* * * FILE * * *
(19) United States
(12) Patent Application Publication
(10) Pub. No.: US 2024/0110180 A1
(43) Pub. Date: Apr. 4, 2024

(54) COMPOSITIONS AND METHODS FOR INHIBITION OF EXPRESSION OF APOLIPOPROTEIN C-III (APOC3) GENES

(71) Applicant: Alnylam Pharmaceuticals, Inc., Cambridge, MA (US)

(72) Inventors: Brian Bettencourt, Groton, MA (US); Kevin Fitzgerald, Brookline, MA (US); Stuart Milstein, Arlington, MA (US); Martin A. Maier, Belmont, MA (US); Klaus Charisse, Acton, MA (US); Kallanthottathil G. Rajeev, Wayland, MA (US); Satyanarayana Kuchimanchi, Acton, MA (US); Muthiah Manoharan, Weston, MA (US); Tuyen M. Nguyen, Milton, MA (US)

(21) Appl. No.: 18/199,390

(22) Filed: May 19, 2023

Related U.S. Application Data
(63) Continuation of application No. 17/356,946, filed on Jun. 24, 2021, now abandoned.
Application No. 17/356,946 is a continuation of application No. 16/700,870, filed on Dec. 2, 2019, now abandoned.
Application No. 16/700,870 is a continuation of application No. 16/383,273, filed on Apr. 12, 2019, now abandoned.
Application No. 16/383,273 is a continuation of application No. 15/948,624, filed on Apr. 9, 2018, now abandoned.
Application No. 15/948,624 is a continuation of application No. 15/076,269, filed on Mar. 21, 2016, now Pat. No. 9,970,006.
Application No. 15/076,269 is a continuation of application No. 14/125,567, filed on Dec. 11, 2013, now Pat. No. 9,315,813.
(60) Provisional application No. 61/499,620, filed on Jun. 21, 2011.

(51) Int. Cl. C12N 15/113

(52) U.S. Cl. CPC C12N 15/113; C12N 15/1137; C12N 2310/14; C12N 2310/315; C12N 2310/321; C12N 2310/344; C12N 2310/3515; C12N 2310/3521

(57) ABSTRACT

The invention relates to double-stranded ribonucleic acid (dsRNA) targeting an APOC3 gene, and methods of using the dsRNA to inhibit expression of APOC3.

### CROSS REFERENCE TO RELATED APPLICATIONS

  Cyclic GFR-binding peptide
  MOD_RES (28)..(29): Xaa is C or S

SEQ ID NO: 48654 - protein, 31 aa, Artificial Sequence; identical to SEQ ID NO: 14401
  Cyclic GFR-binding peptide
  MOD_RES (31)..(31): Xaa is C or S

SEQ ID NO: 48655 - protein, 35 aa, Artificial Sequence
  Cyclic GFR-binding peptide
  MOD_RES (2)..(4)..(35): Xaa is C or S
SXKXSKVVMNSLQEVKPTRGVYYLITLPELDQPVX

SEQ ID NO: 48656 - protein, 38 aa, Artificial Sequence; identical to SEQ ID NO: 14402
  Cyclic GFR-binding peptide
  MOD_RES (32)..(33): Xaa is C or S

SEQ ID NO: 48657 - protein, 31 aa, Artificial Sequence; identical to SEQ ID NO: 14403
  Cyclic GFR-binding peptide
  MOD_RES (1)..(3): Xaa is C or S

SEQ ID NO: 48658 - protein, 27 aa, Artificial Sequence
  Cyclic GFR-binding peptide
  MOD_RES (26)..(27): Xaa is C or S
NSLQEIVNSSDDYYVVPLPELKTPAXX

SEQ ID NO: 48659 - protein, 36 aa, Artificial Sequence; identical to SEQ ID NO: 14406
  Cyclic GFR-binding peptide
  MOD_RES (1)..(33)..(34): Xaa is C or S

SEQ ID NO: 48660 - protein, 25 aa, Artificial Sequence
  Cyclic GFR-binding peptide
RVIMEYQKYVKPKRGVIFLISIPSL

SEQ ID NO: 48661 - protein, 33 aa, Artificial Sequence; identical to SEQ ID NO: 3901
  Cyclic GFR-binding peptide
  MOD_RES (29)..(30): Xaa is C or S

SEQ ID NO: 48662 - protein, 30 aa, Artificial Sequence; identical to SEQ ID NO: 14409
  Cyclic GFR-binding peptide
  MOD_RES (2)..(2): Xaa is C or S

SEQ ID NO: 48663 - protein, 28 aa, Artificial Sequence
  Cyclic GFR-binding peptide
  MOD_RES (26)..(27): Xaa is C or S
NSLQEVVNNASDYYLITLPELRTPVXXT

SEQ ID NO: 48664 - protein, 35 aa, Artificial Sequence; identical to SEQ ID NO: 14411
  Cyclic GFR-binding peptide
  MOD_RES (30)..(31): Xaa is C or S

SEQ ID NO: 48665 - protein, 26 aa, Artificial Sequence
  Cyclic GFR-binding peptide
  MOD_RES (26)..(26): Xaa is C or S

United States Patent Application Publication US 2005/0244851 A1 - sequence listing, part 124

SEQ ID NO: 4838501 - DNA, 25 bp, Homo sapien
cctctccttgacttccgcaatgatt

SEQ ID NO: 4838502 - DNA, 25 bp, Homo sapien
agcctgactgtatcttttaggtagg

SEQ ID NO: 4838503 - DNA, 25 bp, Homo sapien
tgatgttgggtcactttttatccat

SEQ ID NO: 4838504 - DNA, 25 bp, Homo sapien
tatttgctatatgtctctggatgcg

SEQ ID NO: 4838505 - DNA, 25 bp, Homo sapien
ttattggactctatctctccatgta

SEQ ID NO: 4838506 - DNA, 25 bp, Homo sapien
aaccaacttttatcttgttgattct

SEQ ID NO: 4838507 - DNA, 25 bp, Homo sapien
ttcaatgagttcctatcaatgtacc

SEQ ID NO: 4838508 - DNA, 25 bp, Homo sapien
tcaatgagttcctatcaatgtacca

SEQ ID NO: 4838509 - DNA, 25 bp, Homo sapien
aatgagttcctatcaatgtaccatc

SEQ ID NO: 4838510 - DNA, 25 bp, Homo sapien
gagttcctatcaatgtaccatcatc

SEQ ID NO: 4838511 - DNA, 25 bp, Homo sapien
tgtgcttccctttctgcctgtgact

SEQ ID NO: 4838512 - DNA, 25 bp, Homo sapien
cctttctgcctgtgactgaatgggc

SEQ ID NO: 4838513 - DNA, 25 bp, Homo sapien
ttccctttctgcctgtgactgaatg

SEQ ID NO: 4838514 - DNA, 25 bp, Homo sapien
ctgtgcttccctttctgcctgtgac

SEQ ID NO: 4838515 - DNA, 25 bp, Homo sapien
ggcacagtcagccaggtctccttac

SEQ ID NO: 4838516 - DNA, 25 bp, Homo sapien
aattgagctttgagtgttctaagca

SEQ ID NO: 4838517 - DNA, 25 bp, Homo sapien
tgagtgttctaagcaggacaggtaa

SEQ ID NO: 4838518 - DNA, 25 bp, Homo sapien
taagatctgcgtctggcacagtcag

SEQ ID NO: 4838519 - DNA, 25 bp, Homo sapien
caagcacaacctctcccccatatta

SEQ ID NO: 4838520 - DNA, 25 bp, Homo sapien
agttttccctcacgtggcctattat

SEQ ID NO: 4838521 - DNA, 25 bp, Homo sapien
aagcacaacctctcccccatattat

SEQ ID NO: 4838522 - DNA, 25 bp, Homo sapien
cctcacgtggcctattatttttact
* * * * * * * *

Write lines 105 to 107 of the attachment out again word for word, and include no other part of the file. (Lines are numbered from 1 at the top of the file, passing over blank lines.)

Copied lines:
SEQ ID NO: 4838521 - DNA, 25 bp, Homo sapien
aagcacaacctctcccccatattat

SEQ ID NO: 4838522 - DNA, 25 bp, Homo sapien